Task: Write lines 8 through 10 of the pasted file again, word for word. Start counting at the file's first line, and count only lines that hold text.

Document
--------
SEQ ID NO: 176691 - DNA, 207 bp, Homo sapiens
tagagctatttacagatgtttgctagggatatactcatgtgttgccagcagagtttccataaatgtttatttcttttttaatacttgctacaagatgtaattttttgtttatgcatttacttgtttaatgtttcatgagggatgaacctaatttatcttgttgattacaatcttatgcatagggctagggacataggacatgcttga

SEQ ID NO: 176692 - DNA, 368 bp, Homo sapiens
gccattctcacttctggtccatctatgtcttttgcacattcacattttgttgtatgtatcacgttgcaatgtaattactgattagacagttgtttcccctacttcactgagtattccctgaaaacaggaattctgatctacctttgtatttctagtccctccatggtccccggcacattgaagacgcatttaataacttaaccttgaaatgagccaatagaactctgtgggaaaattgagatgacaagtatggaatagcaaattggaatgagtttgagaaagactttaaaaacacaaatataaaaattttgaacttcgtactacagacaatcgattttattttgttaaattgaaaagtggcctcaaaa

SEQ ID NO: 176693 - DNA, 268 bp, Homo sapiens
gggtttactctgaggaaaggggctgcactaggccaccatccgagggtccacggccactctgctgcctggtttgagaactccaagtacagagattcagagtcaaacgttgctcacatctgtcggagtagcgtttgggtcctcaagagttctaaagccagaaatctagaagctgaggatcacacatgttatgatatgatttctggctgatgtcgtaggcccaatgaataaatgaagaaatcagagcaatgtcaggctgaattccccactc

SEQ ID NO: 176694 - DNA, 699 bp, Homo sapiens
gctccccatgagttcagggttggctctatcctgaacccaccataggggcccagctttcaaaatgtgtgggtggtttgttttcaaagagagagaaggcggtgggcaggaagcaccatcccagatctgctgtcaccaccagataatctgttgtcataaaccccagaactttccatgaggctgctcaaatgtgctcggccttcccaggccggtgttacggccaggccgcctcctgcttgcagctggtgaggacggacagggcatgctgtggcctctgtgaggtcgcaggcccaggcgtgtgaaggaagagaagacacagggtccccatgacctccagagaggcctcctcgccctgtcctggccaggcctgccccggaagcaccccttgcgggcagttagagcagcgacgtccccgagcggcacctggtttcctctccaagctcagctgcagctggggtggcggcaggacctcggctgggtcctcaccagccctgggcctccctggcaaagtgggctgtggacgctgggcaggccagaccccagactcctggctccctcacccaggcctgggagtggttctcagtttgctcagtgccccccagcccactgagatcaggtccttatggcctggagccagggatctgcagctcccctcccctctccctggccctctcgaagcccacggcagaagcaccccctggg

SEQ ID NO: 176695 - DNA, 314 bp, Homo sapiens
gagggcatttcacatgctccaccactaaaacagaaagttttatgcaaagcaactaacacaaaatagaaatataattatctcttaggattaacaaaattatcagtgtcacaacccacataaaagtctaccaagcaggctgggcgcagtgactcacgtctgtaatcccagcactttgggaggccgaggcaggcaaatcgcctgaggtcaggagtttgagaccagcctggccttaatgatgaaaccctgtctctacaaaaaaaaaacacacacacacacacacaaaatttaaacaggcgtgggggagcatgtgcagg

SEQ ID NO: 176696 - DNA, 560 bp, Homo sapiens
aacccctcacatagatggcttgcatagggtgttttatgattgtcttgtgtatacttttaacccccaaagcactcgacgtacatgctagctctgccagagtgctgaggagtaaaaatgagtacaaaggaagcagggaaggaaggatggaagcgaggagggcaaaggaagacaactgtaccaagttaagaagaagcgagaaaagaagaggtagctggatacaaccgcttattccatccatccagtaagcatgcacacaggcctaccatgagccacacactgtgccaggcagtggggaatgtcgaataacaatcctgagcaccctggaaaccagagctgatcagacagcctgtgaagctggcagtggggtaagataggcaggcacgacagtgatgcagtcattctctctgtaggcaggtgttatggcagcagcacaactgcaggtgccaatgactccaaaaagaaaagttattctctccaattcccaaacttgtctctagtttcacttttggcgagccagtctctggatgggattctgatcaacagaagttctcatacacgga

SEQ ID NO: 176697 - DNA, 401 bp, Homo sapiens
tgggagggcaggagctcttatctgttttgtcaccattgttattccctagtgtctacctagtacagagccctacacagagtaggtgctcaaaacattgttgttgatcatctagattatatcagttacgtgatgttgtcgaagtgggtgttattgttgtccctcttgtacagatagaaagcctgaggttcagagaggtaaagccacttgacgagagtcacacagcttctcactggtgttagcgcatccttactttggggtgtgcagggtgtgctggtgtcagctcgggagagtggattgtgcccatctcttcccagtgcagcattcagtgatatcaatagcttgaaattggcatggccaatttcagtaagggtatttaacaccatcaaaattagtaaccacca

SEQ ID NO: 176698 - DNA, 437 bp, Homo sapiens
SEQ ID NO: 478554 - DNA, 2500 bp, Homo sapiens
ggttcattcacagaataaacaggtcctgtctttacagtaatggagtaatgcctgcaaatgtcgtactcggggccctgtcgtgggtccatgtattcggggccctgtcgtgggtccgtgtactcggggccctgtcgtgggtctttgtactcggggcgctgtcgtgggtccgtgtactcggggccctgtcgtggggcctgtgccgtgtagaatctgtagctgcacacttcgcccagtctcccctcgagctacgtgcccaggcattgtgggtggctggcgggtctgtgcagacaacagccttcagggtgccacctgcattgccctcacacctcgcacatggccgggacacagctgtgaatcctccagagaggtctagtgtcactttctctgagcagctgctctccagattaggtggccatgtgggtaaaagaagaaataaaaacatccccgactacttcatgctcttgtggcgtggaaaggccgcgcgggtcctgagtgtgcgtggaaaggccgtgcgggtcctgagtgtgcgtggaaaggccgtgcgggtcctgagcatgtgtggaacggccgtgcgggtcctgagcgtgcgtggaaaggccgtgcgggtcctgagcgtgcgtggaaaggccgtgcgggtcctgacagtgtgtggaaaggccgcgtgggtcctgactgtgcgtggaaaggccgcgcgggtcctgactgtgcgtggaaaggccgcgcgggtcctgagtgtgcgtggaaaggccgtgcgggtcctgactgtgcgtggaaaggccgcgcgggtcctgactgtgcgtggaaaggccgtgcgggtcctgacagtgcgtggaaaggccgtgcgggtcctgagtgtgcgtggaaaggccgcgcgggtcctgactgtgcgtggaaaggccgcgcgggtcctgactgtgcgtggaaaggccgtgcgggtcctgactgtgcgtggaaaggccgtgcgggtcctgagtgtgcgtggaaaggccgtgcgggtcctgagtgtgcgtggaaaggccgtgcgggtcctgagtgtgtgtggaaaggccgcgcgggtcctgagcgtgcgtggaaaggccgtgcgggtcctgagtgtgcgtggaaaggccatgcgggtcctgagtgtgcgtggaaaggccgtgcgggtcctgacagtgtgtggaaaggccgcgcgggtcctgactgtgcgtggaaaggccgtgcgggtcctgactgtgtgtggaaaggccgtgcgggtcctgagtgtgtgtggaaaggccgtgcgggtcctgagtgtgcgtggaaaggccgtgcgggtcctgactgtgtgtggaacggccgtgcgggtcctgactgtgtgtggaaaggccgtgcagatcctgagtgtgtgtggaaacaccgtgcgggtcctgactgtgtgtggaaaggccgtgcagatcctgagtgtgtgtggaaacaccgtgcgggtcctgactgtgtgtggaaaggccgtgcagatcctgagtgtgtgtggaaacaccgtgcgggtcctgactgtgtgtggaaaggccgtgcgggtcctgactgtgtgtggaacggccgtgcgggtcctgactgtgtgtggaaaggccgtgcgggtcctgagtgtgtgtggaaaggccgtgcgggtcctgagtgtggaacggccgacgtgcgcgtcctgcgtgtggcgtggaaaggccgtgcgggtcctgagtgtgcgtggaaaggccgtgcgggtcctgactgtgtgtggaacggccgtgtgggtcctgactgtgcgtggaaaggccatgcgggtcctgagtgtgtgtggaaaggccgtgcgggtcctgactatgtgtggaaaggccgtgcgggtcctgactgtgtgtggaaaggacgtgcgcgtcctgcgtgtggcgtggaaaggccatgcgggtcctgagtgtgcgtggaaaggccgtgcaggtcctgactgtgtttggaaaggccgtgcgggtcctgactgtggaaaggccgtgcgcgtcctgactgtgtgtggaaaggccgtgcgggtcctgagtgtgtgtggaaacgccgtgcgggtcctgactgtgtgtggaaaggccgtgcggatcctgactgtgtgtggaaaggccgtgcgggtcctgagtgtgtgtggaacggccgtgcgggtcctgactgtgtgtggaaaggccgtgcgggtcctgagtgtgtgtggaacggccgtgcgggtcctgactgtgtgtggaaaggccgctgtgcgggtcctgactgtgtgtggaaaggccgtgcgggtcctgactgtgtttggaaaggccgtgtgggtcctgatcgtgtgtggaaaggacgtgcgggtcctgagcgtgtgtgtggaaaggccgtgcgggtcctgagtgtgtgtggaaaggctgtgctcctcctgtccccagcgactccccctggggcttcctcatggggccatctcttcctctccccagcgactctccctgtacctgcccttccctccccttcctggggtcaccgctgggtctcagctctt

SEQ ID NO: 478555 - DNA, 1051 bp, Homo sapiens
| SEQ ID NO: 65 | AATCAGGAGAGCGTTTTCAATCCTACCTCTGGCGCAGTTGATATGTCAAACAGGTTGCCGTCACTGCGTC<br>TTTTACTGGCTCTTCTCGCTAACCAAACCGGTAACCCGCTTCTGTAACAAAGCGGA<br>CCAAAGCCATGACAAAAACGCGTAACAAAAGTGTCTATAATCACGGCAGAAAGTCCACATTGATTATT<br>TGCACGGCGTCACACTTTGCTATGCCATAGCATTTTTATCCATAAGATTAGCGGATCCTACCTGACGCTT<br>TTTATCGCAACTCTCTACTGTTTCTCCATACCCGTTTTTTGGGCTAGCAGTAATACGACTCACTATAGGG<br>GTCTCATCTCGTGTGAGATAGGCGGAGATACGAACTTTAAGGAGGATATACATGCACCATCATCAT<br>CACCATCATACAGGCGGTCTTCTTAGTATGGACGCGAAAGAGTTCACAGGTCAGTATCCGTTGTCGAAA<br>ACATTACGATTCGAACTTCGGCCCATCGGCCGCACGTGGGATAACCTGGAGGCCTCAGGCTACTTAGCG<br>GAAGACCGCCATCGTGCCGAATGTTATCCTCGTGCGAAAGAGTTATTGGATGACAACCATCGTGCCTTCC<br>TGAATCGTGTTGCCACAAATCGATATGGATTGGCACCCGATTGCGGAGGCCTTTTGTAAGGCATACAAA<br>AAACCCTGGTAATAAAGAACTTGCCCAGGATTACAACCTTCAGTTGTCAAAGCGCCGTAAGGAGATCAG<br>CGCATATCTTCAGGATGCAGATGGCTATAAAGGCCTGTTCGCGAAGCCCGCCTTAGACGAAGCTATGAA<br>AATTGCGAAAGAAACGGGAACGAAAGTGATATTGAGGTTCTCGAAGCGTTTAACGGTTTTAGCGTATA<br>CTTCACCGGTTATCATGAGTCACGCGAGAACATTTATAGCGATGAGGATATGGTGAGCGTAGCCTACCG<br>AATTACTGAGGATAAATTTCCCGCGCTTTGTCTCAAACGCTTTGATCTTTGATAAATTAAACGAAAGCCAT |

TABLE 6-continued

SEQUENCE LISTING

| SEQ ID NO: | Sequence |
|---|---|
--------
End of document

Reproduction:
gctccccatgagttcagggttggctctatcctgaacccaccataggggcccagctttcaaaatgtgtgggtggtttgttttcaaagagagagaaggcggtgggcaggaagcaccatcccagatctgctgtcaccaccagataatctgttgtcataaaccccagaactttccatgaggctgctcaaatgtgctcggccttcccaggccggtgttacggccaggccgcctcctgcttgcagctggtgaggacggacagggcatgctgtggcctctgtgaggtcgcaggcccaggcgtgtgaaggaagagaagacacagggtccccatgacctccagagaggcctcctcgccctgtcctggccaggcctgccccggaagcaccccttgcgggcagttagagcagcgacgtccccgagcggcacctggtttcctctccaagctcagctgcagctggggtggcggcaggacctcggctgggtcctcaccagccctgggcctccctggcaaagtgggctgtggacgctgggcaggccagaccccagactcctggctccctcacccaggcctgggagtggttctcagtttgctcagtgccccccagcccactgagatcaggtccttatggcctggagccagggatctgcagctcccctcccctctccctggccctctcgaagcccacggcagaagcaccccctggg

SEQ ID NO: 176695 - DNA, 314 bp, Homo sapiens
gagggcatttcacatgctccaccactaaaacagaaagttttatgcaaagcaactaacacaaaatagaaatataattatctcttaggattaacaaaattatcagtgtcacaacccacataaaagtctaccaagcaggctgggcgcagtgactcacgtctgtaatcccagcactttgggaggccgaggcaggcaaatcgcctgaggtcaggagtttgagaccagcctggccttaatgatgaaaccctgtctctacaaaaaaaaaacacacacacacacacacaaaatttaaacaggcgtgggggagcatgtgcagg